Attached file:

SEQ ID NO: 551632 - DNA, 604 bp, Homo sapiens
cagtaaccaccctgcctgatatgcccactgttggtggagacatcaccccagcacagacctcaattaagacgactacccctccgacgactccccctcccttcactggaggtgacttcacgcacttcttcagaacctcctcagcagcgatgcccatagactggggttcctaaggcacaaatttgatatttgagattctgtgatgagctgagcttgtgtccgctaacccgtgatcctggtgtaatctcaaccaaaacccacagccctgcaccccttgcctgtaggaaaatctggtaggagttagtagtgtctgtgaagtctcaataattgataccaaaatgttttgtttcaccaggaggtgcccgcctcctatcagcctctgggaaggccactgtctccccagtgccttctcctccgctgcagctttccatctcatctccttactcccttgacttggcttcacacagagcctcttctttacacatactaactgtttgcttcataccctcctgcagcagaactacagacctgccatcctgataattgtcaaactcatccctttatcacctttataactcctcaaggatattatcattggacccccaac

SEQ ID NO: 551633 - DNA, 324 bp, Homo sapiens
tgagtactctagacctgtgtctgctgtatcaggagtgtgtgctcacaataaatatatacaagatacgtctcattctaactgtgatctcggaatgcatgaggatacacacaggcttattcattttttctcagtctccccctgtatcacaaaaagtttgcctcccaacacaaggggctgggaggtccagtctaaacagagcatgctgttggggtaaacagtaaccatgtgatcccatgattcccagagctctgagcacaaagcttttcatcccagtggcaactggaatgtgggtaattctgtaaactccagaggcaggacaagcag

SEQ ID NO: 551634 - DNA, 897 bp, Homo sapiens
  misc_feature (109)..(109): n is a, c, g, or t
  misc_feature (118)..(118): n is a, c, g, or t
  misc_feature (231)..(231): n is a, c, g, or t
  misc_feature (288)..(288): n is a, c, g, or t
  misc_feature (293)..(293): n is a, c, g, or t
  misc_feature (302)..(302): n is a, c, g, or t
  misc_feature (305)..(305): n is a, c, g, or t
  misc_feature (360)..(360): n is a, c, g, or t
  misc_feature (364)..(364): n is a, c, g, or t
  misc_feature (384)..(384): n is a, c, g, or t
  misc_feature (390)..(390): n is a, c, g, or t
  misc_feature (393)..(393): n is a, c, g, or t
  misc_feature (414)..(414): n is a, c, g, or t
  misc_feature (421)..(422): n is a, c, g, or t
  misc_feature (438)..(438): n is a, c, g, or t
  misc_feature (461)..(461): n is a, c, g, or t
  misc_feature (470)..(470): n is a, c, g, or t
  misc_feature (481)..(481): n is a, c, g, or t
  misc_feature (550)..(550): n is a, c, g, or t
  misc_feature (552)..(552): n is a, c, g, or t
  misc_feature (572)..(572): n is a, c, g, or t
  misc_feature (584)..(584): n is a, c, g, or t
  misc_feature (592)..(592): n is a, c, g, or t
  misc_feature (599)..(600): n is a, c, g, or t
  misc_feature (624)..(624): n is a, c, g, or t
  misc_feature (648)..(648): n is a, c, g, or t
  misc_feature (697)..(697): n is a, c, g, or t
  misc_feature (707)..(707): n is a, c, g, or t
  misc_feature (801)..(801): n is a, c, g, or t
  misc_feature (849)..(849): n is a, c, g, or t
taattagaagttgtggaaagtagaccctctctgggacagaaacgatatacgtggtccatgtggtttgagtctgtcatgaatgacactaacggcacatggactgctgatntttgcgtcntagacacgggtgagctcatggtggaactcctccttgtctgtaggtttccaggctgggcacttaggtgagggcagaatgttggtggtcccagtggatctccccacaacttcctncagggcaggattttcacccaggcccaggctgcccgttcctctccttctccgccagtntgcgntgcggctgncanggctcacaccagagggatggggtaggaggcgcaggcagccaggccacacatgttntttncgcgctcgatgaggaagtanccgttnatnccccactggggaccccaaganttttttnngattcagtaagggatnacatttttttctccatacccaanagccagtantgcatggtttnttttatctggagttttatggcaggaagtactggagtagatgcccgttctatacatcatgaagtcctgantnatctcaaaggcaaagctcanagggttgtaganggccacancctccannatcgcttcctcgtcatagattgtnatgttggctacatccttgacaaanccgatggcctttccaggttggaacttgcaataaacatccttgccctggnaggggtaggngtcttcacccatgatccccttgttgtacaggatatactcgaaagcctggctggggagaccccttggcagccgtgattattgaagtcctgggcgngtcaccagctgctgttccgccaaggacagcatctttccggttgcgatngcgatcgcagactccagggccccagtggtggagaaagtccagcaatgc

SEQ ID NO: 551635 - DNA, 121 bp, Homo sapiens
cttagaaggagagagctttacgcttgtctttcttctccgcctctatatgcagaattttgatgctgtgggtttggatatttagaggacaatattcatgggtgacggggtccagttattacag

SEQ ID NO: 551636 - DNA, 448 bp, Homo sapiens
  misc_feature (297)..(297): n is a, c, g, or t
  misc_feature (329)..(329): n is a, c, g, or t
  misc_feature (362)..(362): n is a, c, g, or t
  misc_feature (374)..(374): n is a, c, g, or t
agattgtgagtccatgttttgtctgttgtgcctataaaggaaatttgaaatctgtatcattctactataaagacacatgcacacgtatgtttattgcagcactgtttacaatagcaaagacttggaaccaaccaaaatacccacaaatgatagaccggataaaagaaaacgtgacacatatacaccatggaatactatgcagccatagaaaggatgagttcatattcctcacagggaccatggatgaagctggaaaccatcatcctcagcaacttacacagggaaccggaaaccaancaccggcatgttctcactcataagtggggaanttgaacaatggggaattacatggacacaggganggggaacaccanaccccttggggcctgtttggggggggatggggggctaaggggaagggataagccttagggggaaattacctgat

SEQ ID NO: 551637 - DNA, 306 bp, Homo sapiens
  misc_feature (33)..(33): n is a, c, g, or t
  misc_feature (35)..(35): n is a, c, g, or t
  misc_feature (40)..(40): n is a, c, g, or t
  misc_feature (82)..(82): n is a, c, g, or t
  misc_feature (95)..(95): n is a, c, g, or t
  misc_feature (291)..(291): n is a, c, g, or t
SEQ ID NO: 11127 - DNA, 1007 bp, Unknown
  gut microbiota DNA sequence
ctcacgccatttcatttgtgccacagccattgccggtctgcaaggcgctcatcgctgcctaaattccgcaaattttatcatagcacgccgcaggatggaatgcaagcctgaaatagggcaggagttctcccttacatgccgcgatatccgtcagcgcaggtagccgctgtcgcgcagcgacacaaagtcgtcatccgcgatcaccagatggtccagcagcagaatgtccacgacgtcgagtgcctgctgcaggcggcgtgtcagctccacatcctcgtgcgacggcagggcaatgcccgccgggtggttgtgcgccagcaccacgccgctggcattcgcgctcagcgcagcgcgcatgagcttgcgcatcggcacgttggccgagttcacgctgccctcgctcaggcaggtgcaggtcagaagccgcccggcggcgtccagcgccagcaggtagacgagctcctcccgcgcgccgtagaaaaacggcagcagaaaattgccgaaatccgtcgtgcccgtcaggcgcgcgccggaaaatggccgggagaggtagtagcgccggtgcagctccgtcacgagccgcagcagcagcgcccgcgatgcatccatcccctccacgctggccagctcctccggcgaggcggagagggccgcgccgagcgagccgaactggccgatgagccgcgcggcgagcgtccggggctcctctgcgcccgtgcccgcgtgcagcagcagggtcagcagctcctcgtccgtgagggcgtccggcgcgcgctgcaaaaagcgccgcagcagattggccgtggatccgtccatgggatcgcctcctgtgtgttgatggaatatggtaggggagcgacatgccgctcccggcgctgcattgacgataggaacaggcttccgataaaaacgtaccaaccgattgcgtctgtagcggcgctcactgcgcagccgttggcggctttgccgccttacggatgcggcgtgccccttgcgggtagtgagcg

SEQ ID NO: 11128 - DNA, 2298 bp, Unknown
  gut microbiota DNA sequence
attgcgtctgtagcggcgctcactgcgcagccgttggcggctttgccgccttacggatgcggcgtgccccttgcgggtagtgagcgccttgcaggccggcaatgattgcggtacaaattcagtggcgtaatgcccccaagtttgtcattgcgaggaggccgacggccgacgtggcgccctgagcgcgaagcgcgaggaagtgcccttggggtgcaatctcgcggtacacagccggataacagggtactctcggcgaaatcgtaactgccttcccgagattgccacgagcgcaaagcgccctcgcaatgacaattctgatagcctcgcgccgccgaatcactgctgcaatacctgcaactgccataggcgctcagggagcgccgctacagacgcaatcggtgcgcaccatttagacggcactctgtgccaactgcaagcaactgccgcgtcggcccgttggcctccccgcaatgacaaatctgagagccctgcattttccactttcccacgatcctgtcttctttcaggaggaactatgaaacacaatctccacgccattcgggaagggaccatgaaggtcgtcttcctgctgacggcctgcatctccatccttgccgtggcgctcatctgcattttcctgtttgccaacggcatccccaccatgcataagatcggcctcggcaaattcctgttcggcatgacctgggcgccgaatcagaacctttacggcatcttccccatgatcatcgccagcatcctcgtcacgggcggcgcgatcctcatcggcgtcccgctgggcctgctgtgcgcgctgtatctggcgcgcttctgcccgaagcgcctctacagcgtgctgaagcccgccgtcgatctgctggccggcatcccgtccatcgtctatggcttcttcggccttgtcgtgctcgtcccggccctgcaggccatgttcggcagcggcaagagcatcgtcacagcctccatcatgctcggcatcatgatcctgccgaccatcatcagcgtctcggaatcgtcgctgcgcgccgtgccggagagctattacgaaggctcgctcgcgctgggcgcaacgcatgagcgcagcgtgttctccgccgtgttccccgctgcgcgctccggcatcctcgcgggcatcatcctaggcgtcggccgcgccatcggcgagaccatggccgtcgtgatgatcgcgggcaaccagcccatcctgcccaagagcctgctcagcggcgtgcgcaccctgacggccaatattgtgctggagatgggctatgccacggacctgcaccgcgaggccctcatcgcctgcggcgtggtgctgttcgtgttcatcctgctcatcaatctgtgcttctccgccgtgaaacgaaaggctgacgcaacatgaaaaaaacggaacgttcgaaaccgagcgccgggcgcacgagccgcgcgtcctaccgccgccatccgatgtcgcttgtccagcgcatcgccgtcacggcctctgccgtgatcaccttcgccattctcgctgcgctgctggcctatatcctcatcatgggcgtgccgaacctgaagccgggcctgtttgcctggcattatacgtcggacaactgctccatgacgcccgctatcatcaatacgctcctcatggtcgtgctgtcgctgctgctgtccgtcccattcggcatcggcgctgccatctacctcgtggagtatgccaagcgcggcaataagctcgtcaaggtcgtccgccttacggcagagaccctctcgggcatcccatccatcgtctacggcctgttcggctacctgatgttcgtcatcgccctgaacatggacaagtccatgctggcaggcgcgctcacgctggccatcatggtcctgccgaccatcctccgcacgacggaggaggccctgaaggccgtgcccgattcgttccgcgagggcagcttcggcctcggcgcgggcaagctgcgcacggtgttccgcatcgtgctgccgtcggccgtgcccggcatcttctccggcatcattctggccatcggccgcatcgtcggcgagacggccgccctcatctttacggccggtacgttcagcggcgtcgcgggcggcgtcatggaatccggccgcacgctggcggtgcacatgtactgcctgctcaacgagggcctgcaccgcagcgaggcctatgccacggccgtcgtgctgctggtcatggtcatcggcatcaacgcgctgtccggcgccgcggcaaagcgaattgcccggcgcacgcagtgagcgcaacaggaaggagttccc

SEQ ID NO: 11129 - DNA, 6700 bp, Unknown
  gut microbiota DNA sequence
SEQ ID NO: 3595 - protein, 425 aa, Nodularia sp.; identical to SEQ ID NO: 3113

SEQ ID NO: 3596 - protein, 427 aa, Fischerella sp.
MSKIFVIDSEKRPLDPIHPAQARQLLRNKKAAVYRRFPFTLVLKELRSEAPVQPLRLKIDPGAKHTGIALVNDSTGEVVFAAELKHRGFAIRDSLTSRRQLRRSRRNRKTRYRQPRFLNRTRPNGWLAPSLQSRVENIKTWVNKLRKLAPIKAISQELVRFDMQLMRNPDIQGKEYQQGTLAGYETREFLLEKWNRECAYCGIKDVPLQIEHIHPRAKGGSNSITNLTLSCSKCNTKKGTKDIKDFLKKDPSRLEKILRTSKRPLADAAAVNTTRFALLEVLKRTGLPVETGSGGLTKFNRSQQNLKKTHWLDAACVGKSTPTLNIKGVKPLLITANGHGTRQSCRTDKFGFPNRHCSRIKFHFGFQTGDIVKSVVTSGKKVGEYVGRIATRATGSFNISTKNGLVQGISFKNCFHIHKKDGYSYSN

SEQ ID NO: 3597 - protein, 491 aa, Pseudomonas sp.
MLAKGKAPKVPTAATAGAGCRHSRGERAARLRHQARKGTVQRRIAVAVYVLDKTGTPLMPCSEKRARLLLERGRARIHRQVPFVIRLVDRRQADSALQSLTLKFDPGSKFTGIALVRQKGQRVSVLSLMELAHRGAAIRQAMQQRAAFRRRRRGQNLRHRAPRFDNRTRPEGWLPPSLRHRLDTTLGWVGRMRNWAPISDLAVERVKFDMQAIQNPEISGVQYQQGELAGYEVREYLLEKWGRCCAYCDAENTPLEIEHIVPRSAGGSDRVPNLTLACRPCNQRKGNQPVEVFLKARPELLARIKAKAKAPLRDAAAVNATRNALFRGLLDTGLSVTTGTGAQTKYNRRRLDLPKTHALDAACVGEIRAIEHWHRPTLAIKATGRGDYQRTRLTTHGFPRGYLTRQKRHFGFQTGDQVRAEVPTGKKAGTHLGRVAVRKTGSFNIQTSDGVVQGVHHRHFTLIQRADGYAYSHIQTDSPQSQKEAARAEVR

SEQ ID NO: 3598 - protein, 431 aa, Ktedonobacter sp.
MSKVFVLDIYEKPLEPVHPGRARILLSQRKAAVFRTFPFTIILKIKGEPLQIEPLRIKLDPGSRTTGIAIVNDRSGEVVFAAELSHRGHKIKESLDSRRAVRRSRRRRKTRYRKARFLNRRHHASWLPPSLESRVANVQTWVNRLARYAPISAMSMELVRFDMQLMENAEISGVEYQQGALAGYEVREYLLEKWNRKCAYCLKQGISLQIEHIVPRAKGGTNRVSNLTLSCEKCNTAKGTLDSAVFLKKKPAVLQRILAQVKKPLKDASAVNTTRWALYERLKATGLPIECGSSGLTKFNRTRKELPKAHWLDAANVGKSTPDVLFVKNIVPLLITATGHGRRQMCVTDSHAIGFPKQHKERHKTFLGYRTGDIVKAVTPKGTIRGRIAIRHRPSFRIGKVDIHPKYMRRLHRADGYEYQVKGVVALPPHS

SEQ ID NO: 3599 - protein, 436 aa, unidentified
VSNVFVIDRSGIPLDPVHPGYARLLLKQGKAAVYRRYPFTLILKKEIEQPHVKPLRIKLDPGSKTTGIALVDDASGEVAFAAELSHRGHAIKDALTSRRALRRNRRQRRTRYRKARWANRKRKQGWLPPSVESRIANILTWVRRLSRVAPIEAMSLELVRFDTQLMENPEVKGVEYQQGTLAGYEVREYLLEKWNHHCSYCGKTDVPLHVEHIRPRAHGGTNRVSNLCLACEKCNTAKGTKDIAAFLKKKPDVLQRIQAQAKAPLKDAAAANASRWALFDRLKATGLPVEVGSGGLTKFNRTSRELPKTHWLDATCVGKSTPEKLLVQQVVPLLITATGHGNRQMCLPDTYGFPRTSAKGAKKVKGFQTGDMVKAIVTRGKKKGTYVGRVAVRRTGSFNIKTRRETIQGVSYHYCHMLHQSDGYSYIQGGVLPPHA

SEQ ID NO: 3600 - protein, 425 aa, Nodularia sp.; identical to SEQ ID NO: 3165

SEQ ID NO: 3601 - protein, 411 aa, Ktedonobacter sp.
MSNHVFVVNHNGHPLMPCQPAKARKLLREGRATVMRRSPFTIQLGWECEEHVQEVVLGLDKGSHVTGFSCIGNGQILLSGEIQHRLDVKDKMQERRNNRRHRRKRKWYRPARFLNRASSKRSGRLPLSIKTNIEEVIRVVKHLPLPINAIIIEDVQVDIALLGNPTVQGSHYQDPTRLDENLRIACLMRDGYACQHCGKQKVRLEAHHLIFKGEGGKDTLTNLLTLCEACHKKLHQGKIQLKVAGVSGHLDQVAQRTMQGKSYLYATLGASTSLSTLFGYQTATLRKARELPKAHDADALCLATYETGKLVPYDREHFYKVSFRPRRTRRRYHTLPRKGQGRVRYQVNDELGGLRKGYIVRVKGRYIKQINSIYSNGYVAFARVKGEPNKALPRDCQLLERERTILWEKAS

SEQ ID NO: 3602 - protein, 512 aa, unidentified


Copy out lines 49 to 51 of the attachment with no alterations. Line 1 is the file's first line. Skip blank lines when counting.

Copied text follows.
  misc_feature (82)..(82): n is a, c, g, or t
  misc_feature (95)..(95): n is a, c, g, or t
  misc_feature (291)..(291): n is a, c, g, or t